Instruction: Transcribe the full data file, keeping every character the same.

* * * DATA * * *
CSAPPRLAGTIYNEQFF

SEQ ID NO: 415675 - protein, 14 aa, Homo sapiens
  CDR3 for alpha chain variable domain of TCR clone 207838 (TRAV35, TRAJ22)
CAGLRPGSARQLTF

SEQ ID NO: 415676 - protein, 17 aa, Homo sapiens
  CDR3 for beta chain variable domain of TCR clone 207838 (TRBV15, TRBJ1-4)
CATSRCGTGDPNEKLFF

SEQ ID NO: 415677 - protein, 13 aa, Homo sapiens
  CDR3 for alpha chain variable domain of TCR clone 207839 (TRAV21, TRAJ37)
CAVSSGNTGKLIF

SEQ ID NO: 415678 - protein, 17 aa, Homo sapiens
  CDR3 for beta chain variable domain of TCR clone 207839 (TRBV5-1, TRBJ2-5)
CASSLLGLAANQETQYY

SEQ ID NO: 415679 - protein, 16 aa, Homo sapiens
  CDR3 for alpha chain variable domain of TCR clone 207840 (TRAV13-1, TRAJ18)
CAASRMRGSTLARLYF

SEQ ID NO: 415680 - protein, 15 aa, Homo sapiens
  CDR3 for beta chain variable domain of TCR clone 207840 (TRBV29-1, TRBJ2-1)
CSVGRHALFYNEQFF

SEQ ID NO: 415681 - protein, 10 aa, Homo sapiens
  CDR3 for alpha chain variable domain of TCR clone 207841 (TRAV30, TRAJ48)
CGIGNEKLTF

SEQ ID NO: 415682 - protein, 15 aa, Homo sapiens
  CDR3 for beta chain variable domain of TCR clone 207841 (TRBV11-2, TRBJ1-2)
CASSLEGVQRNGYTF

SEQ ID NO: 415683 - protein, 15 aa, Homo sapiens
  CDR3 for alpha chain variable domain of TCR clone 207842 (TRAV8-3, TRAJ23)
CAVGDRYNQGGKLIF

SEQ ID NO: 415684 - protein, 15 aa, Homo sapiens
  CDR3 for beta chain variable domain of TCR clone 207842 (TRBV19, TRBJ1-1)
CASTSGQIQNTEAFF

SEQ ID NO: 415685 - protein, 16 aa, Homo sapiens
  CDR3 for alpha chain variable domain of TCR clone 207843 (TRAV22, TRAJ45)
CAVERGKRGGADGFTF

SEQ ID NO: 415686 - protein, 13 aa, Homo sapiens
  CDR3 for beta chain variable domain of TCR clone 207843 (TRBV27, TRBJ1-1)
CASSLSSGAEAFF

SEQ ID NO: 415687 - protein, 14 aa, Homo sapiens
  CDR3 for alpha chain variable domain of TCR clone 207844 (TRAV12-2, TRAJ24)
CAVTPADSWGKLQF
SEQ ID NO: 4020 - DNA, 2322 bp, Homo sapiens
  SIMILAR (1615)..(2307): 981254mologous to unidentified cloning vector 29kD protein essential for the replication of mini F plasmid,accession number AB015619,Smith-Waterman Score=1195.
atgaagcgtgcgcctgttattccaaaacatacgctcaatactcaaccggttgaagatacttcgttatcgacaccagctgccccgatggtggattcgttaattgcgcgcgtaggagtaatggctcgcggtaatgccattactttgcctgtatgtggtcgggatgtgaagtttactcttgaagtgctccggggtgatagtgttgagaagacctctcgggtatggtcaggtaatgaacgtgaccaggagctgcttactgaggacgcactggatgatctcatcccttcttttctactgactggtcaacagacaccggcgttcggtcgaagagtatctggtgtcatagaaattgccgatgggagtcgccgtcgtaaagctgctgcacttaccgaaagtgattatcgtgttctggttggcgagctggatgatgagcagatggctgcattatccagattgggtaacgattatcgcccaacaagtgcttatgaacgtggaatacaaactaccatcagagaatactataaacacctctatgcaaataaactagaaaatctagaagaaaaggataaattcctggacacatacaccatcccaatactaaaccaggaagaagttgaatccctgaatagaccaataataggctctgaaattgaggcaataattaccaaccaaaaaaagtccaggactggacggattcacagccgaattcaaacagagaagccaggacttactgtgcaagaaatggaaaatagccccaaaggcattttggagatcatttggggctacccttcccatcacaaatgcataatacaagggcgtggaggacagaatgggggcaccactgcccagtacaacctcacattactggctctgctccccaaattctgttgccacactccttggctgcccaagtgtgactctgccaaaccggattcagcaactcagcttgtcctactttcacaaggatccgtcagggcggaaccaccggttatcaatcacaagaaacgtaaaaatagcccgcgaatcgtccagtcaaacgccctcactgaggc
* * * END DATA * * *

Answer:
CSAPPRLAGTIYNEQFF

SEQ ID NO: 415675 - protein, 14 aa, Homo sapiens
  CDR3 for alpha chain variable domain of TCR clone 207838 (TRAV35, TRAJ22)
CAGLRPGSARQLTF

SEQ ID NO: 415676 - protein, 17 aa, Homo sapiens
  CDR3 for beta chain variable domain of TCR clone 207838 (TRBV15, TRBJ1-4)
CATSRCGTGDPNEKLFF

SEQ ID NO: 415677 - protein, 13 aa, Homo sapiens
  CDR3 for alpha chain variable domain of TCR clone 207839 (TRAV21, TRAJ37)
CAVSSGNTGKLIF

SEQ ID NO: 415678 - protein, 17 aa, Homo sapiens
  CDR3 for beta chain variable domain of TCR clone 207839 (TRBV5-1, TRBJ2-5)
CASSLLGLAANQETQYY

SEQ ID NO: 415679 - protein, 16 aa, Homo sapiens
  CDR3 for alpha chain variable domain of TCR clone 207840 (TRAV13-1, TRAJ18)
CAASRMRGSTLARLYF

SEQ ID NO: 415680 - protein, 15 aa, Homo sapiens
  CDR3 for beta chain variable domain of TCR clone 207840 (TRBV29-1, TRBJ2-1)
CSVGRHALFYNEQFF

SEQ ID NO: 415681 - protein, 10 aa, Homo sapiens
  CDR3 for alpha chain variable domain of TCR clone 207841 (TRAV30, TRAJ48)
CGIGNEKLTF

SEQ ID NO: 415682 - protein, 15 aa, Homo sapiens
  CDR3 for beta chain variable domain of TCR clone 207841 (TRBV11-2, TRBJ1-2)
CASSLEGVQRNGYTF

SEQ ID NO: 415683 - protein, 15 aa, Homo sapiens
  CDR3 for alpha chain variable domain of TCR clone 207842 (TRAV8-3, TRAJ23)
CAVGDRYNQGGKLIF

SEQ ID NO: 415684 - protein, 15 aa, Homo sapiens
  CDR3 for beta chain variable domain of TCR clone 207842 (TRBV19, TRBJ1-1)
CASTSGQIQNTEAFF

SEQ ID NO: 415685 - protein, 16 aa, Homo sapiens
  CDR3 for alpha chain variable domain of TCR clone 207843 (TRAV22, TRAJ45)
CAVERGKRGGADGFTF

SEQ ID NO: 415686 - protein, 13 aa, Homo sapiens
  CDR3 for beta chain variable domain of TCR clone 207843 (TRBV27, TRBJ1-1)
CASSLSSGAEAFF

SEQ ID NO: 415687 - protein, 14 aa, Homo sapiens
  CDR3 for alpha chain variable domain of TCR clone 207844 (TRAV12-2, TRAJ24)
CAVTPADSWGKLQF
SEQ ID NO: 4020 - DNA, 2322 bp, Homo sapiens
  SIMILAR (1615)..(2307): 981254mologous to unidentified cloning vector 29kD protein essential for the replication of mini F plasmid,accession number AB015619,Smith-Waterman Score=1195.
atgaagcgtgcgcctgttattccaaaacatacgctcaatactcaaccggttgaagatacttcgttatcgacaccagctgccccgatggtggattcgttaattgcgcgcgtaggagtaatggctcgcggtaatgccattactttgcctgtatgtggtcgggatgtgaagtttactcttgaagtgctccggggtgatagtgttgagaagacctctcgggtatggtcaggtaatgaacgtgaccaggagctgcttactgaggacgcactggatgatctcatcccttcttttctactgactggtcaacagacaccggcgttcggtcgaagagtatctggtgtcatagaaattgccgatgggagtcgccgtcgtaaagctgctgcacttaccgaaagtgattatcgtgttctggttggcgagctggatgatgagcagatggctgcattatccagattgggtaacgattatcgcccaacaagtgcttatgaacgtggaatacaaactaccatcagagaatactataaacacctctatgcaaataaactagaaaatctagaagaaaaggataaattcctggacacatacaccatcccaatactaaaccaggaagaagttgaatccctgaatagaccaataataggctctgaaattgaggcaataattaccaaccaaaaaaagtccaggactggacggattcacagccgaattcaaacagagaagccaggacttactgtgcaagaaatggaaaatagccccaaaggcattttggagatcatttggggctacccttcccatcacaaatgcataatacaagggcgtggaggacagaatgggggcaccactgcccagtacaacctcacattactggctctgctccccaaattctgttgccacactccttggctgcccaagtgtgactctgccaaaccggattcagcaactcagcttgtcctactttcacaaggatccgtcagggcggaaccaccggttatcaatcacaagaaacgtaaaaatagcccgcgaatcgtccagtcaaacgccctcactgaggc